The vast majority of business travelers feel their companies take duty of care seriously, yet access to various risk management services is far from universal, according to research from the GBTA Foundation, the education and research arm of the Global Business Travel Association.
Roughly one-third of German, French and UK business travelers say their organization does not provide an assistance hotline to call in an emergency or unexpected event – one of the most basic services available.
The study, Travel Booking Behaviour Impacts on Safety, conducted in partnership with Concur, also revealed that about one-half of business travelers agree that not booking through company channels can impact their safety by making it more difficult for their company to locate or contact them in an emergency. Despite this, more than three in five travelers have booked outside of their company channels at least once in the past year even when they had access to an Online Book Tool (OBT).
Additionally, fewer than two in five travelers say their organization has a system in place to capture their travel plans when they book directly with a supplier and many business travelers say that the only way for their organization to know where they traveled is through their expense reports.
“Booking data plays a key role in duty of care – enabling virtually every risk management function that companies perform,” said Monica Sanchez, director of research for the GBTA Foundation. “Many companies use booking data to send travelers alerts about their destination, to locate them in an emergency, to brief first-time or infrequent travelers about assistance resources available and to flag high-risk trips to ensure proper vetting. Missing or incomplete data can greatly hinder a travel manager or TMC from meeting their duty of care responsibilities.”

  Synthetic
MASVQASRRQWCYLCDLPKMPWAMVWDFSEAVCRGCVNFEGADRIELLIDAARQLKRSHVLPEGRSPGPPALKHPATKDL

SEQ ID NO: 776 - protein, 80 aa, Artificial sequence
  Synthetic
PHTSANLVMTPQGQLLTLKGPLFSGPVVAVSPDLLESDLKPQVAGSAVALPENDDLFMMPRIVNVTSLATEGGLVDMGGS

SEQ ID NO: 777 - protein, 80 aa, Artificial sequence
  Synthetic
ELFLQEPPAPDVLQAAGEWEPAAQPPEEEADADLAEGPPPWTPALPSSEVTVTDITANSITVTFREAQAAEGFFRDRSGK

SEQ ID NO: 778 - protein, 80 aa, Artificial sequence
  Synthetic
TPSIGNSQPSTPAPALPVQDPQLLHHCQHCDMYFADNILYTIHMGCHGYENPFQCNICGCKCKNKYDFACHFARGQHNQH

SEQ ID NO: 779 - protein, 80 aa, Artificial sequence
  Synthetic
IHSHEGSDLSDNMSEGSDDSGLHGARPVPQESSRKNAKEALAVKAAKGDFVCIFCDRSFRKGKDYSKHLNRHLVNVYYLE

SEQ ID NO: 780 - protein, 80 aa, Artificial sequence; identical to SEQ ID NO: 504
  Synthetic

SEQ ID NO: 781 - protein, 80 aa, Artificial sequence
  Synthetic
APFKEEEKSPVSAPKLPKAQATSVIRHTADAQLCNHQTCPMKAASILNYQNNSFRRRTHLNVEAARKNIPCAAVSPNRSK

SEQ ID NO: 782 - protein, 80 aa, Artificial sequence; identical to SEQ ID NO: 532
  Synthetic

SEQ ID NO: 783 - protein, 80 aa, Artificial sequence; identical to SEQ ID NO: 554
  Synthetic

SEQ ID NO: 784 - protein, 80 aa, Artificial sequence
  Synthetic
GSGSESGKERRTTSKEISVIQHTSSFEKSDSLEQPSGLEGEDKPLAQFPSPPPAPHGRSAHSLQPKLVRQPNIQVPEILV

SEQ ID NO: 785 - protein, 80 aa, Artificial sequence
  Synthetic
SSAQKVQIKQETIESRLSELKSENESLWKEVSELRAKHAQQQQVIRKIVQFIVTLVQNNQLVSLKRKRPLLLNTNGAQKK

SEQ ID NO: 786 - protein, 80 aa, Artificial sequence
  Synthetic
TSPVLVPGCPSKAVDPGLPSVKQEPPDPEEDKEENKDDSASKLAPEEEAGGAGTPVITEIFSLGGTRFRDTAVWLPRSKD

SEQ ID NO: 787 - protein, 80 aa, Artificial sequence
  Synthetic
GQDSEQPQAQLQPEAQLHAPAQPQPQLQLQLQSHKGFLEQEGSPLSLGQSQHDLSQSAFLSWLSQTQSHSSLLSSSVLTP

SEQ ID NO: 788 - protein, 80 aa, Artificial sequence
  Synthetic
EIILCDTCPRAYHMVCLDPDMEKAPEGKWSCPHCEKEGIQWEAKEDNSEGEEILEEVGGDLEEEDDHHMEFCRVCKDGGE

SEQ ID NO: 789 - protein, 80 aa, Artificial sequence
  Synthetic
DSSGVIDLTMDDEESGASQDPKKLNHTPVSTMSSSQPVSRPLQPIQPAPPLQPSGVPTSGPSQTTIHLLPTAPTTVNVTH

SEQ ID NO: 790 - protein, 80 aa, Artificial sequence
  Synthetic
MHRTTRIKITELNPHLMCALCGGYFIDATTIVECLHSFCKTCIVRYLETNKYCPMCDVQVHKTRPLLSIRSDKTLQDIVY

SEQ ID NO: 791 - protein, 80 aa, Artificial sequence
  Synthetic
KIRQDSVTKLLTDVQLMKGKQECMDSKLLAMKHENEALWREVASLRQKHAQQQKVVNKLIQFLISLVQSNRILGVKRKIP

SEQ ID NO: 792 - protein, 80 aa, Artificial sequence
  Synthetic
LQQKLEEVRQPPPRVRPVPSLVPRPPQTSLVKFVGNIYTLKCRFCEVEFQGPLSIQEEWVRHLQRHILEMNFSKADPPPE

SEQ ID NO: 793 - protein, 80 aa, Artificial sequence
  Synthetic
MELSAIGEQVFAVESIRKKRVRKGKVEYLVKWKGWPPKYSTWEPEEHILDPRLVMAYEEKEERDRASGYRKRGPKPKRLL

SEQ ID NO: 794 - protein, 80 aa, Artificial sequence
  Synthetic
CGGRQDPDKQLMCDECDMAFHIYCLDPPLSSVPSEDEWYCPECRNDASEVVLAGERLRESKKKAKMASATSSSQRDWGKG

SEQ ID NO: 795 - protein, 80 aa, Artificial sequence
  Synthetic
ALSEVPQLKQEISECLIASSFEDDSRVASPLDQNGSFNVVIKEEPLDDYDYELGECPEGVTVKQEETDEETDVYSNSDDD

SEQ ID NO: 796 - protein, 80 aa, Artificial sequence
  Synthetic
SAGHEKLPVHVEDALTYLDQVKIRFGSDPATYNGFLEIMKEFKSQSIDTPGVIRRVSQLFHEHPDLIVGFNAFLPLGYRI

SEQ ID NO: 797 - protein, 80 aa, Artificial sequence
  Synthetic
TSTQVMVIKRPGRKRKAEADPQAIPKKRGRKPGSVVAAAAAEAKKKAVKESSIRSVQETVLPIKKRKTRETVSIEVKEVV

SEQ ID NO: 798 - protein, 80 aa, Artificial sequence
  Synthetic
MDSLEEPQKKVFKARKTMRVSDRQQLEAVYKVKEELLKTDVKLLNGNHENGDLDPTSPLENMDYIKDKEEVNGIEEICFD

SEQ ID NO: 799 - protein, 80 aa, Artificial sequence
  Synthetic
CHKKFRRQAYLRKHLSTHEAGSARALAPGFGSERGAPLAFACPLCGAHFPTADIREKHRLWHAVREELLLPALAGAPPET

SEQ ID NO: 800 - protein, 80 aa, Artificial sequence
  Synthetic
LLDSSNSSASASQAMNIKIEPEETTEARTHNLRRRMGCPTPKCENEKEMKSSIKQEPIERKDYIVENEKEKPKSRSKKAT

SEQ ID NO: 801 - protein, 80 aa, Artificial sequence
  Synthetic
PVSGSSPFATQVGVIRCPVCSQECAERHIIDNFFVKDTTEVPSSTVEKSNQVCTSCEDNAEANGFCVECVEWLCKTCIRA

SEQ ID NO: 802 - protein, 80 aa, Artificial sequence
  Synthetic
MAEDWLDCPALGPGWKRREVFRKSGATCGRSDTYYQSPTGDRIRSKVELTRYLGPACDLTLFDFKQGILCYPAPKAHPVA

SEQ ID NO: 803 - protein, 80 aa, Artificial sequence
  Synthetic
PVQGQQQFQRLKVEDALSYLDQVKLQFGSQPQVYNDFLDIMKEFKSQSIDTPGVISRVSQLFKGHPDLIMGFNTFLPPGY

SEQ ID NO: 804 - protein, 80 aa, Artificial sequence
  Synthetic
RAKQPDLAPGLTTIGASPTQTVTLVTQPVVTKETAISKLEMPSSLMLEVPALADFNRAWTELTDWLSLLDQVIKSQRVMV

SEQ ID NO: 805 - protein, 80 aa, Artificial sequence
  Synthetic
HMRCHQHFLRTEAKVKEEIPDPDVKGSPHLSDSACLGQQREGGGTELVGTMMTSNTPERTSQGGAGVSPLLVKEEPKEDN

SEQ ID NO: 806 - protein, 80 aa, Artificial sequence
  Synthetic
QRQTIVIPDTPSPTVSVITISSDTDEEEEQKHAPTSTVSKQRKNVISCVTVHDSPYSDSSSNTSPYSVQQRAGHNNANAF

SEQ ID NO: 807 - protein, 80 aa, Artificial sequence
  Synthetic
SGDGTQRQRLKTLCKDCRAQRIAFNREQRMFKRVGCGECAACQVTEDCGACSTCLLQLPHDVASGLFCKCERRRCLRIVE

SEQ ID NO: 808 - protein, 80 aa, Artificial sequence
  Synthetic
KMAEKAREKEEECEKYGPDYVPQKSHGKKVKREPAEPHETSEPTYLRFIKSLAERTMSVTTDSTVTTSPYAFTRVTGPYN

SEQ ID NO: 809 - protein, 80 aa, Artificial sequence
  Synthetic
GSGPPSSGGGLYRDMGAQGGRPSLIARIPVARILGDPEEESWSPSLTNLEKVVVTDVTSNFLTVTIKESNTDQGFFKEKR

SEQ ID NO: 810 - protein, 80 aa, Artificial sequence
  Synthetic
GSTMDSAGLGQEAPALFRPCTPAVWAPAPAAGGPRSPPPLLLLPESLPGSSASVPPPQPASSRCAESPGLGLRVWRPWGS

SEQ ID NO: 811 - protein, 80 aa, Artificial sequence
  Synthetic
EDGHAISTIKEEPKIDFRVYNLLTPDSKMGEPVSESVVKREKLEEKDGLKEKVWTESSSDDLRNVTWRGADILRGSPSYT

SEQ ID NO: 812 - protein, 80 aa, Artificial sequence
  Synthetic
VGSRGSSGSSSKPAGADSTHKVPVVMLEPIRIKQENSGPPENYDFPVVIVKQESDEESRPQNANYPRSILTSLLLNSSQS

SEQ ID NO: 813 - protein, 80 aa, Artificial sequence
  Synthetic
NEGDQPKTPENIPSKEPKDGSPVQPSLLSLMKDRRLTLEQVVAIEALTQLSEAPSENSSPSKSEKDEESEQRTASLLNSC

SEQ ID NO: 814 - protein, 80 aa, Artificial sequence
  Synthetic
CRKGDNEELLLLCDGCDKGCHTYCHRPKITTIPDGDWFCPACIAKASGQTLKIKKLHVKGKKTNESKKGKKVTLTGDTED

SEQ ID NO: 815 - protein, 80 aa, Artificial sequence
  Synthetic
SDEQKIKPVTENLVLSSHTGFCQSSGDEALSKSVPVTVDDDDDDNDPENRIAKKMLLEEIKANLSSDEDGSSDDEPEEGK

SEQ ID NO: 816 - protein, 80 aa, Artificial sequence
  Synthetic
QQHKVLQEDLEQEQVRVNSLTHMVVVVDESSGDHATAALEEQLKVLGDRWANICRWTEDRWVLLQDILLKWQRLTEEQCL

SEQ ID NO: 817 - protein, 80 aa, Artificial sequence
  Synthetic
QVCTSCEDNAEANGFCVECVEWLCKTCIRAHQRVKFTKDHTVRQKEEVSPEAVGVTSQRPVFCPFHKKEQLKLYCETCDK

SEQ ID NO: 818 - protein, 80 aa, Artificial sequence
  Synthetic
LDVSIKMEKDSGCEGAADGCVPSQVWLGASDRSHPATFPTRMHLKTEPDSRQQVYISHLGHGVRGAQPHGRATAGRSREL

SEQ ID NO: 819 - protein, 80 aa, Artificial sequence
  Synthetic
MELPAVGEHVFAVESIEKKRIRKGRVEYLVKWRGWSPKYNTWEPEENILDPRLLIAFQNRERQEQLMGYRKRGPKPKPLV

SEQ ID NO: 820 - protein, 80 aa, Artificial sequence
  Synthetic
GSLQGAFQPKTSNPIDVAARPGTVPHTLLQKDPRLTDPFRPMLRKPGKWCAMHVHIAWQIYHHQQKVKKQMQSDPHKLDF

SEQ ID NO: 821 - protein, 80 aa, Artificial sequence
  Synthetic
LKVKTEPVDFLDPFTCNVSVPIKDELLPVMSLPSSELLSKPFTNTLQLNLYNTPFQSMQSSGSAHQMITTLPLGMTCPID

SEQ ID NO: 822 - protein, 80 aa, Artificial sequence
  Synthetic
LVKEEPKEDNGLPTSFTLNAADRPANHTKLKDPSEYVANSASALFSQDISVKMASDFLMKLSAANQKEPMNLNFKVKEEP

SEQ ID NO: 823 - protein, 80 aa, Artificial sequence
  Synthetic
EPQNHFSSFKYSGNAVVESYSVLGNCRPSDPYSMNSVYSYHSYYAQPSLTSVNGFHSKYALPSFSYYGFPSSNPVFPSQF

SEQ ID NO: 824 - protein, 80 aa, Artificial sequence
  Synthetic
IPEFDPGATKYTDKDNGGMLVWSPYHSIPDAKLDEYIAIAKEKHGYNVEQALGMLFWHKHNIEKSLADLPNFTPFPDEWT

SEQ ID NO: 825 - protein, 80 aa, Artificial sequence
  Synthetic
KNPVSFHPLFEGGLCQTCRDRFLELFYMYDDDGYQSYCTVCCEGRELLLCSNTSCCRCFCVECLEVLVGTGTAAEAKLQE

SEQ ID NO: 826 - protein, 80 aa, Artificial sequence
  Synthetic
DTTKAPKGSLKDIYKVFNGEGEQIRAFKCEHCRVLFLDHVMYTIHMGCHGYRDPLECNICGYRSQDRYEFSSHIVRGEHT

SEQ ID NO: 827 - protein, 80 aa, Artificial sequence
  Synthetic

“During these times of global uncertainty, business leaders have a responsibility to know where employees are and keep them safe and informed,” said Scott Torrey, Chief Revenue Officer, Concur. “One of the most surprising results of the study is that half of business travelers know that not booking through company channels can affect their safety but a majority still book outside. This means that companies need to put a stronger focus on safety and I firmly believe duty of care is one of the most important things a business can do for its employees.”
In Case of an Emergency
A small majority of business travelers say their company provides travel advisories/notifications while a similar share say it provides travel health advisories. Travelers expect their companies to use a range of information to quickly locate them during an emergency or security event including travel itineraries (53 percent), GPS information from employer-provided smartphone apps (44 percent) and expense report information (32 percent). Fewer than three in five business travelers say their company provides SMS (text message) alerts when they are on the road.
At least two-thirds of travelers in each country would expect their company to proactively contact them within two hours of an emergency. While SMS and mobile apps can help companies reach larger numbers of travellers quickly, these are only useful when companies know where their travelers are and have up-to-date contact information.
Customized Safety Training
More than one-third of travelers believe they would have benefited from customised safety training or resources, based on personal characteristics such as gender, sexual orientation or religion in the past year. Similarly, almost half of business travelers would have benefited from training tailored to their destination.